The Jesus diet

He "inspired a generation of young people to challenge injustice"
When William Sloane Coffin Jr. was honored last year at Yale as a civil rights leader, an antiwar activist, an endearing university chaplain and an unfearing liberal preacher, at one point he summed up his faith—and by extension, himself: “I believe Christianity is a worldview that undergirds all progressive thought and action,” Coffin said. The Christian church is called, he said, “to respond to biblical mandates like truth-telling, confronting injustice and pursuing peace.”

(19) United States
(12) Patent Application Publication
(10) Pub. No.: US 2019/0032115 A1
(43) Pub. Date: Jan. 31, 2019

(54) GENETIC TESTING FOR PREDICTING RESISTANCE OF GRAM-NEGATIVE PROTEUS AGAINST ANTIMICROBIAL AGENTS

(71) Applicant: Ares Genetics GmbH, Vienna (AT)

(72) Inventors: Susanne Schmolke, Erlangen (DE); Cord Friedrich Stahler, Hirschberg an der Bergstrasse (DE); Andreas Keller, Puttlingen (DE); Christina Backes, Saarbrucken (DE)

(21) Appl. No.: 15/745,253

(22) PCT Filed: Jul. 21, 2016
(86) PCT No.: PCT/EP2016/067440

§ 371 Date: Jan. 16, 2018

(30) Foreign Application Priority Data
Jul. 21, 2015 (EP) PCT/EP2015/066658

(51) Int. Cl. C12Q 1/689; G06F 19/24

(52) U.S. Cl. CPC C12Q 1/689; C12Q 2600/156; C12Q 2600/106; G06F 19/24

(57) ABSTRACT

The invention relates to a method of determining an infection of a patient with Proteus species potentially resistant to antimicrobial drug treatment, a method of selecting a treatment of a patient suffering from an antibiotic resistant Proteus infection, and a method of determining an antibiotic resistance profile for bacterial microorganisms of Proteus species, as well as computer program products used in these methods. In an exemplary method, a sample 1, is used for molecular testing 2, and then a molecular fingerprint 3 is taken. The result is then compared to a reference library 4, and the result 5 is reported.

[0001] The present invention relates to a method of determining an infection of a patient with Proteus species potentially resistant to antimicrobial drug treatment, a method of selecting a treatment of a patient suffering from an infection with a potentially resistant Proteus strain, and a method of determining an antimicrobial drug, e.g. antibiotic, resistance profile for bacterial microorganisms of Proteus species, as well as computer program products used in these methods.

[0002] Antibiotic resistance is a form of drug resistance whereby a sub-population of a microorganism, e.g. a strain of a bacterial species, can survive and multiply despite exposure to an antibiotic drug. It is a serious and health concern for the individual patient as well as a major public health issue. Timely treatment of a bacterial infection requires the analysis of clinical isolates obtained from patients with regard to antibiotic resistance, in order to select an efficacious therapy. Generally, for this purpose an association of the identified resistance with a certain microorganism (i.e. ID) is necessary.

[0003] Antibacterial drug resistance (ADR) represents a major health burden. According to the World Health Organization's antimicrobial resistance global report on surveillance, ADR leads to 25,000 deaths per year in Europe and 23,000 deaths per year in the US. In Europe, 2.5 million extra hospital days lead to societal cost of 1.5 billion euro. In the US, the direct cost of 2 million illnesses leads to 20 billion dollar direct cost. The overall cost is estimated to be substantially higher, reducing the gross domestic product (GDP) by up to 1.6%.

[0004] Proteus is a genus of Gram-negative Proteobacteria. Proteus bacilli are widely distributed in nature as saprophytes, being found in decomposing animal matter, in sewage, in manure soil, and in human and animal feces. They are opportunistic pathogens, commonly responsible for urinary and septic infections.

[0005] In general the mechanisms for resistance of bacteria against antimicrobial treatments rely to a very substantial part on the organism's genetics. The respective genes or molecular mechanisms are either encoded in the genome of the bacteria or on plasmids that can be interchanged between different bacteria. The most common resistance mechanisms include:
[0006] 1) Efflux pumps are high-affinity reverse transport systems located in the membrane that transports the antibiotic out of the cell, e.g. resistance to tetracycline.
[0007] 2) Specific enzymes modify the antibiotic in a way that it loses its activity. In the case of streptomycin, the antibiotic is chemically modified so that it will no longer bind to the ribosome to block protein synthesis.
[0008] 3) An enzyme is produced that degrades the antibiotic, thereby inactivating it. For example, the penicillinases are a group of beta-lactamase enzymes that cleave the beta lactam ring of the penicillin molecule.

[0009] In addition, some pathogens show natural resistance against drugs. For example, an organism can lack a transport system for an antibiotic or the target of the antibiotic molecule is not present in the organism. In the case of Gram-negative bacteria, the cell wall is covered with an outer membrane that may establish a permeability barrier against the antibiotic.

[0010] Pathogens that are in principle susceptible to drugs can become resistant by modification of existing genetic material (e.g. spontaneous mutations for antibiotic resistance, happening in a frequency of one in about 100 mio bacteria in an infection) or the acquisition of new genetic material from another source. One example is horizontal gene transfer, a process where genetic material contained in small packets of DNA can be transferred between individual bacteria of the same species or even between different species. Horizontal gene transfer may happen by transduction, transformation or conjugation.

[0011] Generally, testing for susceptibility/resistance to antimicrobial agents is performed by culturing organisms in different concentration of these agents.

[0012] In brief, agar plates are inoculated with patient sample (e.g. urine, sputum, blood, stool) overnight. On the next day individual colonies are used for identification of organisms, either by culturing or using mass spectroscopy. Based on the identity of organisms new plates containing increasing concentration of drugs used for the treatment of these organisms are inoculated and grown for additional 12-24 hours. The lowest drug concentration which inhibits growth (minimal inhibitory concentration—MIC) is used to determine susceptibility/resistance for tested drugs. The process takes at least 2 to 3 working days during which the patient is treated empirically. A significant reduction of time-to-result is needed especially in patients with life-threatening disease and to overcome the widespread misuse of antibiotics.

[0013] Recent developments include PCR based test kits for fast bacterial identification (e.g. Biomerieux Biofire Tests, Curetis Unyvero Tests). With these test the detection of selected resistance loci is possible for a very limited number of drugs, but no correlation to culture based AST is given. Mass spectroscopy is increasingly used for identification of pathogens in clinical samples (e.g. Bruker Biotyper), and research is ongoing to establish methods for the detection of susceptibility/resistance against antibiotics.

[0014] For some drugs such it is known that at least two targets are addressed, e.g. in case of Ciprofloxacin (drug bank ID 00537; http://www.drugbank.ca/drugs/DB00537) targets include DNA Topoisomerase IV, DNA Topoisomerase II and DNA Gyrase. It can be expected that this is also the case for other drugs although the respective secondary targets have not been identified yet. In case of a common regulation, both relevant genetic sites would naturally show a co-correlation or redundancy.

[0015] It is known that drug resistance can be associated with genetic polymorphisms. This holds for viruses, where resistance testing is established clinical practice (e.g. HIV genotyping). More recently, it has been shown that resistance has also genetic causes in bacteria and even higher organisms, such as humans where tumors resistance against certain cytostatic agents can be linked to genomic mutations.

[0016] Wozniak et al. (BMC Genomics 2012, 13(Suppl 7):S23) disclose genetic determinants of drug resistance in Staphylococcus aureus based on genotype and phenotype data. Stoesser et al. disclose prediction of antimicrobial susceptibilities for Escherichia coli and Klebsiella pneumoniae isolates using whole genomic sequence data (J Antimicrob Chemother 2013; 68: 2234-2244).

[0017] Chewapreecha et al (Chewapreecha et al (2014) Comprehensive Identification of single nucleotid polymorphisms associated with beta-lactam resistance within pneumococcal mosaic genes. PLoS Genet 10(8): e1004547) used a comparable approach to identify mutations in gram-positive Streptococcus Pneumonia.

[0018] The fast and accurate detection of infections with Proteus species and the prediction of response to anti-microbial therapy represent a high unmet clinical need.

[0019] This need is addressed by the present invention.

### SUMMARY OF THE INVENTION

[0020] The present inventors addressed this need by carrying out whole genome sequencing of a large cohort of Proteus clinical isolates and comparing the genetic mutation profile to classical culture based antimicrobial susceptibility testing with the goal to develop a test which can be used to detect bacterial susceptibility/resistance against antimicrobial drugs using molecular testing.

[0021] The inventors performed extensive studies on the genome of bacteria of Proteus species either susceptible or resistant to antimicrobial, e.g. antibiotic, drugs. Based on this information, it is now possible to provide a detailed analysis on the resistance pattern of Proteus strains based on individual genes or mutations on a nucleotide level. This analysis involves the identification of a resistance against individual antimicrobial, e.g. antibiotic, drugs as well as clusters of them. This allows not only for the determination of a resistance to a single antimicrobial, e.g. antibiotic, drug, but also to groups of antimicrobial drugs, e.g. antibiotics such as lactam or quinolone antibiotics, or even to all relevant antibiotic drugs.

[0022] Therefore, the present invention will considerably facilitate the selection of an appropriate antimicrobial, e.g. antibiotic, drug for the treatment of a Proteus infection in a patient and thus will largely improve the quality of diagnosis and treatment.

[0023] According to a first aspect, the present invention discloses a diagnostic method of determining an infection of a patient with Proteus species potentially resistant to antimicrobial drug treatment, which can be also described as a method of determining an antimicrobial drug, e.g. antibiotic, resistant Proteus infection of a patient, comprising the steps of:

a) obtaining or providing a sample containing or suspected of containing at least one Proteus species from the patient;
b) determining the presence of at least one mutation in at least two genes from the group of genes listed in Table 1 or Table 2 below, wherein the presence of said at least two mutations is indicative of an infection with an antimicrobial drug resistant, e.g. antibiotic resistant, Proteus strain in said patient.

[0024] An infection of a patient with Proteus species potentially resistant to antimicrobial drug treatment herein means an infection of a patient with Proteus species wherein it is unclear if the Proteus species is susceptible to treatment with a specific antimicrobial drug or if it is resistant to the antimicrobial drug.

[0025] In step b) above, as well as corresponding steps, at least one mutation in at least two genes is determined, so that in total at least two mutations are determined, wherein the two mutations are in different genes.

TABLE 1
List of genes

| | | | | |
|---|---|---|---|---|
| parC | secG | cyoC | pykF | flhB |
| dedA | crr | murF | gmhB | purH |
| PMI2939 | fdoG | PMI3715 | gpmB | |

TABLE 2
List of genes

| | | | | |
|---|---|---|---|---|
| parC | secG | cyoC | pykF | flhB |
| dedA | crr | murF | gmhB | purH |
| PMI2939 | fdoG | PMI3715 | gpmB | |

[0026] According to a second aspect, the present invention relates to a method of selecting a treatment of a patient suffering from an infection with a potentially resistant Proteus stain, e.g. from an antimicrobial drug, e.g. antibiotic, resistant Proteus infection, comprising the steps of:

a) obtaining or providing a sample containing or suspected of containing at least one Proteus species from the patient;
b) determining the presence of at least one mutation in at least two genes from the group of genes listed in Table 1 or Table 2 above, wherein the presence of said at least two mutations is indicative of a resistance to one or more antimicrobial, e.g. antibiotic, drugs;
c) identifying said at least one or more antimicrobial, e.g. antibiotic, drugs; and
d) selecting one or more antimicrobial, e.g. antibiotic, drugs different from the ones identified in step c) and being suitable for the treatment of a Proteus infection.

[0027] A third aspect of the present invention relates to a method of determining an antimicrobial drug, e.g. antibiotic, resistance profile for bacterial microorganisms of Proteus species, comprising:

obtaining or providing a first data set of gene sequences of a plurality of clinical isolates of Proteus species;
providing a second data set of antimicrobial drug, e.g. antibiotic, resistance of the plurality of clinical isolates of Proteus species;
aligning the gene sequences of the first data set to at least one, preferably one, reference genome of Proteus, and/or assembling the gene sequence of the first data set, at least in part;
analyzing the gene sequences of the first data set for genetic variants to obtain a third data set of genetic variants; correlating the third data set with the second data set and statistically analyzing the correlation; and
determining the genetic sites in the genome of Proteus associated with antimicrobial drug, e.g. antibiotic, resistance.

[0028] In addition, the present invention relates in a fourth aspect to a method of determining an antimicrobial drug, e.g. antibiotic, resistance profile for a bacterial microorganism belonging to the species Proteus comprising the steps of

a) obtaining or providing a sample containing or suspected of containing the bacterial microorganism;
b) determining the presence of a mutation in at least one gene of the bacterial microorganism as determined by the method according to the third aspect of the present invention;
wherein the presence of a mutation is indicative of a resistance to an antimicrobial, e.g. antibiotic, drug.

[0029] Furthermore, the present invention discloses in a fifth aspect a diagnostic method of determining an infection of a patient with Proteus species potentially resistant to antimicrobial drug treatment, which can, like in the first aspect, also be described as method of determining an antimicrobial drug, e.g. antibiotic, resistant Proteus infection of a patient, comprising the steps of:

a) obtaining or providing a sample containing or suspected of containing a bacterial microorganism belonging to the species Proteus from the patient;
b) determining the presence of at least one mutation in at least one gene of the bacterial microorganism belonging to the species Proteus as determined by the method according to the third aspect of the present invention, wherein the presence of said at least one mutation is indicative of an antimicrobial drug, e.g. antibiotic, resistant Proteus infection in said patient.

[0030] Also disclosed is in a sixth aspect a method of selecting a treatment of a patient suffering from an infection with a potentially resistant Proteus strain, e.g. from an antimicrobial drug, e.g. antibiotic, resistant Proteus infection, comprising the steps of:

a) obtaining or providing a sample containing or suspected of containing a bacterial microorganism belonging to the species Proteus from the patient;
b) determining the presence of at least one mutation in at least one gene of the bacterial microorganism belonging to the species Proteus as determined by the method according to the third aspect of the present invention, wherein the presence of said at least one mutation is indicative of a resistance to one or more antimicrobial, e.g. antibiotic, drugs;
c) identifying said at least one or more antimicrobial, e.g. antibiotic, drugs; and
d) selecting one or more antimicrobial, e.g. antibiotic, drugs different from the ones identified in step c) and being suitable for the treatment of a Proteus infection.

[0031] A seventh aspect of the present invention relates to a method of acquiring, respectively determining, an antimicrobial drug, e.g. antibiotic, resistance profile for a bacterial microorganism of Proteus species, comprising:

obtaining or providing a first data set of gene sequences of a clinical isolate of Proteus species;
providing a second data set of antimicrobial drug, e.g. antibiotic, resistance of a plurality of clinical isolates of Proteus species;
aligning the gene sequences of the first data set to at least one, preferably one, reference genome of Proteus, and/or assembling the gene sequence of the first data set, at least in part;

What is “so heartbreaking,” he added at the April 2005 event, is that many churches are focused on management and therapy, and that parish clergy are “gumption-deficient.”

Coffin, 81, who died April 12 at his home in rural Strafford, Vermont, was to many admirers the embodiment of the Christianity he described at the Yale tribute.


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